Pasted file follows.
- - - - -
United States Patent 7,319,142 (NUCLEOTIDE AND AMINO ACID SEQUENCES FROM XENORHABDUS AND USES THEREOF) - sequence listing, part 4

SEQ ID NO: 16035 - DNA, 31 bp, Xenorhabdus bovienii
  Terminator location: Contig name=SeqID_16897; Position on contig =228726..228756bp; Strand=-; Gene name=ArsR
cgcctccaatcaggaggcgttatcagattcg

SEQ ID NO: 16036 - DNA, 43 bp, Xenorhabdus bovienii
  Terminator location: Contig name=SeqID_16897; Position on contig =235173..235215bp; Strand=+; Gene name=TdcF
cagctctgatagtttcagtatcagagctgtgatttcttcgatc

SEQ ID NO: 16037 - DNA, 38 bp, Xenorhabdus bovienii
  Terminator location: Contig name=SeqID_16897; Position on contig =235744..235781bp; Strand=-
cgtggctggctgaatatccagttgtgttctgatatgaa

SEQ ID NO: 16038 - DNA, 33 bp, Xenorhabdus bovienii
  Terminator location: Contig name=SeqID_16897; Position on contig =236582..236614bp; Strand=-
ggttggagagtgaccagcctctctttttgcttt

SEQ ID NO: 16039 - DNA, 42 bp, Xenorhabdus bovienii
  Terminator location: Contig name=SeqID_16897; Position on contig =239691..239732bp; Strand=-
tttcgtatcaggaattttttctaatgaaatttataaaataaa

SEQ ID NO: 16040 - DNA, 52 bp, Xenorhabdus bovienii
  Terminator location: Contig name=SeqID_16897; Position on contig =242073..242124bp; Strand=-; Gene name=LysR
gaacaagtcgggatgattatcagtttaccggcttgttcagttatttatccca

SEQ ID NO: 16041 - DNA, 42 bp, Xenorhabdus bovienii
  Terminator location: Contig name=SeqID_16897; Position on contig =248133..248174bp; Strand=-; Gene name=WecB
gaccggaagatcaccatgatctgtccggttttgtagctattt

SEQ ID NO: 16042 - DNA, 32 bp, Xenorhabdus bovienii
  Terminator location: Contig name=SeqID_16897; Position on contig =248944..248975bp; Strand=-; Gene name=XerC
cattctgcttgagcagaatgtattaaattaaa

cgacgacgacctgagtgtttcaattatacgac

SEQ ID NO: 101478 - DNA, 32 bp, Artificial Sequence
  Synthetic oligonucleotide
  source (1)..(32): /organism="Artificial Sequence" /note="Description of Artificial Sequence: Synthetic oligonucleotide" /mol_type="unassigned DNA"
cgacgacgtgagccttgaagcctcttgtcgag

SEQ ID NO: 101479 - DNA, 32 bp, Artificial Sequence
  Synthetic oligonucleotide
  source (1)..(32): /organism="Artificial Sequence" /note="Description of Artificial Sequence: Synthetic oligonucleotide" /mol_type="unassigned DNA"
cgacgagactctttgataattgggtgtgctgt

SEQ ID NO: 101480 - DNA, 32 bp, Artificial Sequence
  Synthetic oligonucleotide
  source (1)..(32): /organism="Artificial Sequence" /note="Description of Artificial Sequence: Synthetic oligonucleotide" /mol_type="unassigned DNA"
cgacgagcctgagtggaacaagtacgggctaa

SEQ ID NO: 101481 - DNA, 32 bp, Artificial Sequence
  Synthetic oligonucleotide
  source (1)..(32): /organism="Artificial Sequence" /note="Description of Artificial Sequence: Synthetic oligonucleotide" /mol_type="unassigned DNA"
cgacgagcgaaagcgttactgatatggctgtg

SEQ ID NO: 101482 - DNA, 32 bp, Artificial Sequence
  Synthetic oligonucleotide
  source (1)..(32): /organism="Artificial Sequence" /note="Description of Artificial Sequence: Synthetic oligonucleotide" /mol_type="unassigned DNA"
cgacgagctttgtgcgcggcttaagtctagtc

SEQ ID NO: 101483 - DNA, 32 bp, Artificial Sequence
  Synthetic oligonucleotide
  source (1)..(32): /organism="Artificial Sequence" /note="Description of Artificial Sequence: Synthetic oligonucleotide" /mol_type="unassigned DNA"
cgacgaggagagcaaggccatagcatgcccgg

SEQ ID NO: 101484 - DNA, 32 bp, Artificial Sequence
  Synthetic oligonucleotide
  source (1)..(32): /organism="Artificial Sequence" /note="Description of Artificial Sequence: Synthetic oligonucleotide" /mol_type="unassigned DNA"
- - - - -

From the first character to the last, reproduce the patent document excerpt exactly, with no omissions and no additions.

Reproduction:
United States Patent 7,319,142 (NUCLEOTIDE AND AMINO ACID SEQUENCES FROM XENORHABDUS AND USES THEREOF) - sequence listing, part 4

SEQ ID NO: 16035 - DNA, 31 bp, Xenorhabdus bovienii
  Terminator location: Contig name=SeqID_16897; Position on contig =228726..228756bp; Strand=-; Gene name=ArsR
cgcctccaatcaggaggcgttatcagattcg

SEQ ID NO: 16036 - DNA, 43 bp, Xenorhabdus bovienii
  Terminator location: Contig name=SeqID_16897; Position on contig =235173..235215bp; Strand=+; Gene name=TdcF
cagctctgatagtttcagtatcagagctgtgatttcttcgatc

SEQ ID NO: 16037 - DNA, 38 bp, Xenorhabdus bovienii
  Terminator location: Contig name=SeqID_16897; Position on contig =235744..235781bp; Strand=-
cgtggctggctgaatatccagttgtgttctgatatgaa

SEQ ID NO: 16038 - DNA, 33 bp, Xenorhabdus bovienii
  Terminator location: Contig name=SeqID_16897; Position on contig =236582..236614bp; Strand=-
ggttggagagtgaccagcctctctttttgcttt

SEQ ID NO: 16039 - DNA, 42 bp, Xenorhabdus bovienii
  Terminator location: Contig name=SeqID_16897; Position on contig =239691..239732bp; Strand=-
tttcgtatcaggaattttttctaatgaaatttataaaataaa

SEQ ID NO: 16040 - DNA, 52 bp, Xenorhabdus bovienii
  Terminator location: Contig name=SeqID_16897; Position on contig =242073..242124bp; Strand=-; Gene name=LysR
gaacaagtcgggatgattatcagtttaccggcttgttcagttatttatccca

SEQ ID NO: 16041 - DNA, 42 bp, Xenorhabdus bovienii
  Terminator location: Contig name=SeqID_16897; Position on contig =248133..248174bp; Strand=-; Gene name=WecB
gaccggaagatcaccatgatctgtccggttttgtagctattt

SEQ ID NO: 16042 - DNA, 32 bp, Xenorhabdus bovienii
  Terminator location: Contig name=SeqID_16897; Position on contig =248944..248975bp; Strand=-; Gene name=XerC
cattctgcttgagcagaatgtattaaattaaa

cgacgacgacctgagtgtttcaattatacgac

SEQ ID NO: 101478 - DNA, 32 bp, Artificial Sequence
  Synthetic oligonucleotide
  source (1)..(32): /organism="Artificial Sequence" /note="Description of Artificial Sequence: Synthetic oligonucleotide" /mol_type="unassigned DNA"
cgacgacgtgagccttgaagcctcttgtcgag

SEQ ID NO: 101479 - DNA, 32 bp, Artificial Sequence
  Synthetic oligonucleotide
  source (1)..(32): /organism="Artificial Sequence" /note="Description of Artificial Sequence: Synthetic oligonucleotide" /mol_type="unassigned DNA"
cgacgagactctttgataattgggtgtgctgt

SEQ ID NO: 101480 - DNA, 32 bp, Artificial Sequence
  Synthetic oligonucleotide
  source (1)..(32): /organism="Artificial Sequence" /note="Description of Artificial Sequence: Synthetic oligonucleotide" /mol_type="unassigned DNA"
cgacgagcctgagtggaacaagtacgggctaa

SEQ ID NO: 101481 - DNA, 32 bp, Artificial Sequence
  Synthetic oligonucleotide
  source (1)..(32): /organism="Artificial Sequence" /note="Description of Artificial Sequence: Synthetic oligonucleotide" /mol_type="unassigned DNA"
cgacgagcgaaagcgttactgatatggctgtg

SEQ ID NO: 101482 - DNA, 32 bp, Artificial Sequence
  Synthetic oligonucleotide
  source (1)..(32): /organism="Artificial Sequence" /note="Description of Artificial Sequence: Synthetic oligonucleotide" /mol_type="unassigned DNA"
cgacgagctttgtgcgcggcttaagtctagtc

SEQ ID NO: 101483 - DNA, 32 bp, Artificial Sequence
  Synthetic oligonucleotide
  source (1)..(32): /organism="Artificial Sequence" /note="Description of Artificial Sequence: Synthetic oligonucleotide" /mol_type="unassigned DNA"
cgacgaggagagcaaggccatagcatgcccgg

SEQ ID NO: 101484 - DNA, 32 bp, Artificial Sequence
  Synthetic oligonucleotide
  source (1)..(32): /organism="Artificial Sequence" /note="Description of Artificial Sequence: Synthetic oligonucleotide" /mol_type="unassigned DNA"